PML-N government feels weight of army’s heavy hand

ISLAMABAD: At Prime Minister Nawaz Sharif’s palatial offices in Islamabad this week, the army chief sat down to deliver the head of government a message he did not want to hear: The time for talks with the troublesome Pakistani Taliban was over.
Nawaz came to power a year ago promising to find a peaceful settlement with the militant group, but as round after round of talks failed, the powerful armed forces favoured a military solution. Their patience finally ran out and, late on Tuesday afternoon, during a tense meeting, the army effectively declared it would override a crucial plank of the government’s strategy and take matters into its own hands.
“The army chief and other military officers in the room were clear on the military’s policy: the last man, the last bullet,” a government insider with first-hand knowledge of the meeting told Reuters. Asked to sum up the message General Raheel Sharif wanted to convey at the gathering, he added: “The time for talk is over.” The next day, armed forces launched rare air strikes against militants holed up in the remote, lawless tribal belt near the Afghan border. It is not clear whether Nawaz authorised the operation.
On Thursday, they backed that up with the first major ground offensive against the Taliban there, undermining Nawaz’s year-long attempt to end a bloody insurgency across his country through peaceful means. Disagreement over the militant threat is the latest row to flare up between the government and military, and relations between the two branches of power are at their lowest ebb for years, according to government officials. The government did say talks with the Taliban would go on.
“We will talk with those who are ready for it and the (military) operation is being launched against those who are not ready to come to the negotiating table,” spokesman Pervez Rashid told local media on Thursday. But the operations put the military firmly back at the centre of Pakistan’s security policy. The balance of power is shifting at a time when foreign troops are preparing to withdraw from Afghanistan, and arch-rival India has just elected a far-right Hindu nationalist leader promising to be more assertive on the international stage. “This is the clearest signal yet that the army will dictate its terms now,” a member of Nawaz’s cabinet said.
The Pakistani Taliban is believed to be behind attacks on Pakistani soldiers and civilians that have killed thousands in recent years. The Pakistan Army has distinguished between “good” Taliban like the feared Haqqani network - who do not attack Pakistani security forces but fight in Afghanistan - and “bad” Taliban, indigenous Pakistani militants who are seeking to create an Islamic state.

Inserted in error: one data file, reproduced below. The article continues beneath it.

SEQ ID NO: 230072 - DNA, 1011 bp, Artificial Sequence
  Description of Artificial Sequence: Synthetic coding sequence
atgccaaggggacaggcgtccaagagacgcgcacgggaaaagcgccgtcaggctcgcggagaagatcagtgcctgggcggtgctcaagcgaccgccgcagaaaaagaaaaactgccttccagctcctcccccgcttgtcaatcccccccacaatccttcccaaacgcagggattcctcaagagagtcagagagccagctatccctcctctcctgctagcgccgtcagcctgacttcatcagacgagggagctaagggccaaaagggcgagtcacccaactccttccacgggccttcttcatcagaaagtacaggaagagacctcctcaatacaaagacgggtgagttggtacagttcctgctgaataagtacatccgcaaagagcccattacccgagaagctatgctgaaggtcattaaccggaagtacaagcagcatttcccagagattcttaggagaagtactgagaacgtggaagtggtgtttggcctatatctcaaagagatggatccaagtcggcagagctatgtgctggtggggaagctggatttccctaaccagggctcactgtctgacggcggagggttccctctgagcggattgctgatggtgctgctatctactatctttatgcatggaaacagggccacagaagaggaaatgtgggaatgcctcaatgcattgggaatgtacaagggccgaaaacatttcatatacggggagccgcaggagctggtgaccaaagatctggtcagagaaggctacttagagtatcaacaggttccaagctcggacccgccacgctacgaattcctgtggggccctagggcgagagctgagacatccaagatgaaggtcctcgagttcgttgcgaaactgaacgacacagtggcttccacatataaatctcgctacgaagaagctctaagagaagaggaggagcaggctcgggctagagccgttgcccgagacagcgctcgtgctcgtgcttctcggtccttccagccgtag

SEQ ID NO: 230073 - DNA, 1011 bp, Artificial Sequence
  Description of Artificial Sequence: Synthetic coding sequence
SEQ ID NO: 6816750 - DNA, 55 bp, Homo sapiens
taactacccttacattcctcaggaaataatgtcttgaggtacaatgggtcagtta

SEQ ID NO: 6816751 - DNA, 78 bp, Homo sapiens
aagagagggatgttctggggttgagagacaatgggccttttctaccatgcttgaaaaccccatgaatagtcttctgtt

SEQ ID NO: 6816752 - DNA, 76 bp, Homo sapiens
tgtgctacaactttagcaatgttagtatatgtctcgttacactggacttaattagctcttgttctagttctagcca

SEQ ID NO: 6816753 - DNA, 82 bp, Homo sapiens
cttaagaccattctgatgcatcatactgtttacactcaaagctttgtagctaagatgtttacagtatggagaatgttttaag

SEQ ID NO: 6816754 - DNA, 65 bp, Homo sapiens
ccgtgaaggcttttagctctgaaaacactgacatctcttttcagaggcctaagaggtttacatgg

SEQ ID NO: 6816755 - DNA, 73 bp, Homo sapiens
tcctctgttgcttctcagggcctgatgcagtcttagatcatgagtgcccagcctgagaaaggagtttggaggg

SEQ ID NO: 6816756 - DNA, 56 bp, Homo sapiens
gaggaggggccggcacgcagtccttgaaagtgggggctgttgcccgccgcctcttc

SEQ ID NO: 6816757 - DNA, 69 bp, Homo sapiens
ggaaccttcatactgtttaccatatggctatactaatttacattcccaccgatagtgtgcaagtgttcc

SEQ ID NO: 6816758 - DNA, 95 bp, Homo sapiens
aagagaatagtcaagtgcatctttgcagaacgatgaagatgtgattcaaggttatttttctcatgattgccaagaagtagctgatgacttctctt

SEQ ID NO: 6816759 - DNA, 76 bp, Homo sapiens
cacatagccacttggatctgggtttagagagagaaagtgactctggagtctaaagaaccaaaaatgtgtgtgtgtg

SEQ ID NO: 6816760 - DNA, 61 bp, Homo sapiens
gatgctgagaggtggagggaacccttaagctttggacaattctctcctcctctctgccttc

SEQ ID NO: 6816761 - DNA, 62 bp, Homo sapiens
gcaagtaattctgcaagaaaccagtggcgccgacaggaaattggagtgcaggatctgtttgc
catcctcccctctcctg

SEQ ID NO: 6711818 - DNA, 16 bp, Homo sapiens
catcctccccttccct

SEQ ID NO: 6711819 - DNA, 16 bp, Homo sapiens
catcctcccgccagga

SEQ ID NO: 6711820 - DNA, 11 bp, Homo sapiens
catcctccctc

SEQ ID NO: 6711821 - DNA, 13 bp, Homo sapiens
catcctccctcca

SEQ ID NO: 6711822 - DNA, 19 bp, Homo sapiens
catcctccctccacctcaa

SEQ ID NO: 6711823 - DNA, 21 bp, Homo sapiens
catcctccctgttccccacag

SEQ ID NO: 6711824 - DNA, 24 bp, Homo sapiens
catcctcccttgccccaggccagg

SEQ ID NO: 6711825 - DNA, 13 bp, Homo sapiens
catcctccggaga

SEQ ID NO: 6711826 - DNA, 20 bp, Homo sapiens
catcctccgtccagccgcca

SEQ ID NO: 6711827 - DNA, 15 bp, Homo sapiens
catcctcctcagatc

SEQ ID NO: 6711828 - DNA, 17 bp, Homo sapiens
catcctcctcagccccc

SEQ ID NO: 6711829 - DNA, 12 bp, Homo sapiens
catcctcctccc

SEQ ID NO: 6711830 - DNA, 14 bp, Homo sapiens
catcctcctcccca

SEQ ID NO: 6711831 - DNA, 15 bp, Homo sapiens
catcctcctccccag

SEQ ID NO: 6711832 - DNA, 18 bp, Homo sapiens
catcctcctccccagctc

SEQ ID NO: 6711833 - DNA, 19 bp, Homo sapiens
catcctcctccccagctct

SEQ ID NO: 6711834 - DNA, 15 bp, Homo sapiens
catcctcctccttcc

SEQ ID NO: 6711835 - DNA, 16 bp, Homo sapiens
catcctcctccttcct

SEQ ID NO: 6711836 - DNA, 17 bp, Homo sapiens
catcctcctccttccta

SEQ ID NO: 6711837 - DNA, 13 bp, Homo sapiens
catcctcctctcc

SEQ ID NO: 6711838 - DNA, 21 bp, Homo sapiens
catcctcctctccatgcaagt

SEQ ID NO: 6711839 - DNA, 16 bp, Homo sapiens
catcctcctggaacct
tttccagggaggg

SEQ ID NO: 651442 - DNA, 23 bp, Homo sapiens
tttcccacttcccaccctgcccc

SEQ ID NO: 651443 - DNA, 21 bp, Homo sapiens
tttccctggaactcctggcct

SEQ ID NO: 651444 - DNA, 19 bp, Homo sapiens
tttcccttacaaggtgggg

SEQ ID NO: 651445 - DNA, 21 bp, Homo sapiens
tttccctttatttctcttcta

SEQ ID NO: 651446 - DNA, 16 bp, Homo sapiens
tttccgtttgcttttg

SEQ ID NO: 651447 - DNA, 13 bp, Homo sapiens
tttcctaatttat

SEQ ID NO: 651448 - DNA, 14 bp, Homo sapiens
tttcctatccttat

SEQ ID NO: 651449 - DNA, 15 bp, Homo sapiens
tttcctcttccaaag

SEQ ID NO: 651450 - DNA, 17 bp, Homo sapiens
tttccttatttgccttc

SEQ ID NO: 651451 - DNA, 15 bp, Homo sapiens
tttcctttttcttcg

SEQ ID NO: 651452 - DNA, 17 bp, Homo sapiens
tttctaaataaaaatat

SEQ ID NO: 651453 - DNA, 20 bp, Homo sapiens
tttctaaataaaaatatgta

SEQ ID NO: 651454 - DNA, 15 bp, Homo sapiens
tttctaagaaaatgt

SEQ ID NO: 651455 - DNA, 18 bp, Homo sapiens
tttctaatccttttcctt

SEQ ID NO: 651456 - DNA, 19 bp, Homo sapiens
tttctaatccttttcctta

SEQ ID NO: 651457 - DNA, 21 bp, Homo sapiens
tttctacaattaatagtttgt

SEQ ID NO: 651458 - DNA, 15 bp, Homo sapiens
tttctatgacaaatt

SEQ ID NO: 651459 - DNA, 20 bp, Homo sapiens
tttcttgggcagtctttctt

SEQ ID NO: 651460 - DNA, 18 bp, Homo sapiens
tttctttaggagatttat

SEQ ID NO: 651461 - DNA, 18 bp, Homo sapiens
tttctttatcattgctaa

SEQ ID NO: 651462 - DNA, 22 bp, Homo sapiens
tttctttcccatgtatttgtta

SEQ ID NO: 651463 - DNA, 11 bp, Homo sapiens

While the military wants to go after the “bad” Taliban, it has, despite pressure from Washington, largely avoided taking on groups who launch attacks against coalition forces in Afghanistan from the North Waziristan region. Prompting the latest intervention, the Pakistani Taliban have become increasingly bold, striking the army in tribal areas including a recent battle in which an army major died. Earlier this month, nine soldiers were killed in an explosion near the Afghan border.
“We will avenge the blood of every last soldier. Talks or no talks, the army will retaliate,” said one military official, who, like most others interviewed for this article, spoke on condition of anonymity due to the sensitivity of the subject. Nawaz manoeuvred carefully, hand picking a new army chief and trying to forge a partnership with the military in the early days of his tenure, but the overtures had little lasting impact.
There are other signs of civil-military discord. Nawaz came to power promising to rebuild relations with India, but has been under pressure to toughen his stance from hardliners at home, particularly within the army. Nawaz’s policies towards India have been heavily scrutinised; some in the army justify its hefty budget by pointing to - and, critics say, playing up - the potential threat from India.
And despite signs the military has become more amenable to overtures from its old foe than in the past, a trade deal pushed by the prime minister and aimed at improving ties with India was cancelled at the last minute after pressure from the army, top government officials said. 

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